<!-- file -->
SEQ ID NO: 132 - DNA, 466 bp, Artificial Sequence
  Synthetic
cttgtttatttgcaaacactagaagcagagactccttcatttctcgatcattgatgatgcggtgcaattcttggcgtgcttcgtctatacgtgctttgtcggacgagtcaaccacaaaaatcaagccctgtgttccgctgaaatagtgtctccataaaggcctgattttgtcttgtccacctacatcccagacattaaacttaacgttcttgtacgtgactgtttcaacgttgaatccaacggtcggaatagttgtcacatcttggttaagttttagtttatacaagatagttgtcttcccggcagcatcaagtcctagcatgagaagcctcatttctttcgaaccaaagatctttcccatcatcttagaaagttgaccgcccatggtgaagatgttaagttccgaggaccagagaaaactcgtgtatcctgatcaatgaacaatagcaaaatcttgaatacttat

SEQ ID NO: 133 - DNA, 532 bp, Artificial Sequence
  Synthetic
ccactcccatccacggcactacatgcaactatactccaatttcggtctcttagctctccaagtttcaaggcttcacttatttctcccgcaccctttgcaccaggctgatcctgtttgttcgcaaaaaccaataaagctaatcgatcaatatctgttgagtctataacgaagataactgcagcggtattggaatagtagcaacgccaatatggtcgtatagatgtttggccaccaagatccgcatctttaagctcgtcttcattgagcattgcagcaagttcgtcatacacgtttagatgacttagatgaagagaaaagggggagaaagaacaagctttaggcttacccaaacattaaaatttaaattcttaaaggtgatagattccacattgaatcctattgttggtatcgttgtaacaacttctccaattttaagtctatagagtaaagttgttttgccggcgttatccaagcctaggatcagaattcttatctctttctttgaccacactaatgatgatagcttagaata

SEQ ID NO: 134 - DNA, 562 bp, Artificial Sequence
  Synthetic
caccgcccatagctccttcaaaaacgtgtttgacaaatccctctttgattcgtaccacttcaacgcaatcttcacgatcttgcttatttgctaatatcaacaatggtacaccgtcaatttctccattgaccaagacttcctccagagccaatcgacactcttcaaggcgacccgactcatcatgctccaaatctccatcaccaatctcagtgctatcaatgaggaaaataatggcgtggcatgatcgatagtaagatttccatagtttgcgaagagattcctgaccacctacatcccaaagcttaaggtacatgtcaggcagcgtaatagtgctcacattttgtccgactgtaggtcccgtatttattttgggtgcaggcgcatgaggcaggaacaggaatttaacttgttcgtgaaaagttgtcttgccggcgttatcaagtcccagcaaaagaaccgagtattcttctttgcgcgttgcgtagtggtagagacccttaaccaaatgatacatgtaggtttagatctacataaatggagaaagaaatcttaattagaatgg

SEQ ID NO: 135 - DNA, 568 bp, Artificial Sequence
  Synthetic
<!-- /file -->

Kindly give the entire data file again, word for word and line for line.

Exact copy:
SEQ ID NO: 132 - DNA, 466 bp, Artificial Sequence
  Synthetic
cttgtttatttgcaaacactagaagcagagactccttcatttctcgatcattgatgatgcggtgcaattcttggcgtgcttcgtctatacgtgctttgtcggacgagtcaaccacaaaaatcaagccctgtgttccgctgaaatagtgtctccataaaggcctgattttgtcttgtccacctacatcccagacattaaacttaacgttcttgtacgtgactgtttcaacgttgaatccaacggtcggaatagttgtcacatcttggttaagttttagtttatacaagatagttgtcttcccggcagcatcaagtcctagcatgagaagcctcatttctttcgaaccaaagatctttcccatcatcttagaaagttgaccgcccatggtgaagatgttaagttccgaggaccagagaaaactcgtgtatcctgatcaatgaacaatagcaaaatcttgaatacttat

SEQ ID NO: 133 - DNA, 532 bp, Artificial Sequence
  Synthetic
ccactcccatccacggcactacatgcaactatactccaatttcggtctcttagctctccaagtttcaaggcttcacttatttctcccgcaccctttgcaccaggctgatcctgtttgttcgcaaaaaccaataaagctaatcgatcaatatctgttgagtctataacgaagataactgcagcggtattggaatagtagcaacgccaatatggtcgtatagatgtttggccaccaagatccgcatctttaagctcgtcttcattgagcattgcagcaagttcgtcatacacgtttagatgacttagatgaagagaaaagggggagaaagaacaagctttaggcttacccaaacattaaaatttaaattcttaaaggtgatagattccacattgaatcctattgttggtatcgttgtaacaacttctccaattttaagtctatagagtaaagttgttttgccggcgttatccaagcctaggatcagaattcttatctctttctttgaccacactaatgatgatagcttagaata

SEQ ID NO: 134 - DNA, 562 bp, Artificial Sequence
  Synthetic
caccgcccatagctccttcaaaaacgtgtttgacaaatccctctttgattcgtaccacttcaacgcaatcttcacgatcttgcttatttgctaatatcaacaatggtacaccgtcaatttctccattgaccaagacttcctccagagccaatcgacactcttcaaggcgacccgactcatcatgctccaaatctccatcaccaatctcagtgctatcaatgaggaaaataatggcgtggcatgatcgatagtaagatttccatagtttgcgaagagattcctgaccacctacatcccaaagcttaaggtacatgtcaggcagcgtaatagtgctcacattttgtccgactgtaggtcccgtatttattttgggtgcaggcgcatgaggcaggaacaggaatttaacttgttcgtgaaaagttgtcttgccggcgttatcaagtcccagcaaaagaaccgagtattcttctttgcgcgttgcgtagtggtagagacccttaaccaaatgatacatgtaggtttagatctacataaatggagaaagaaatcttaattagaatgg

SEQ ID NO: 135 - DNA, 568 bp, Artificial Sequence
  Synthetic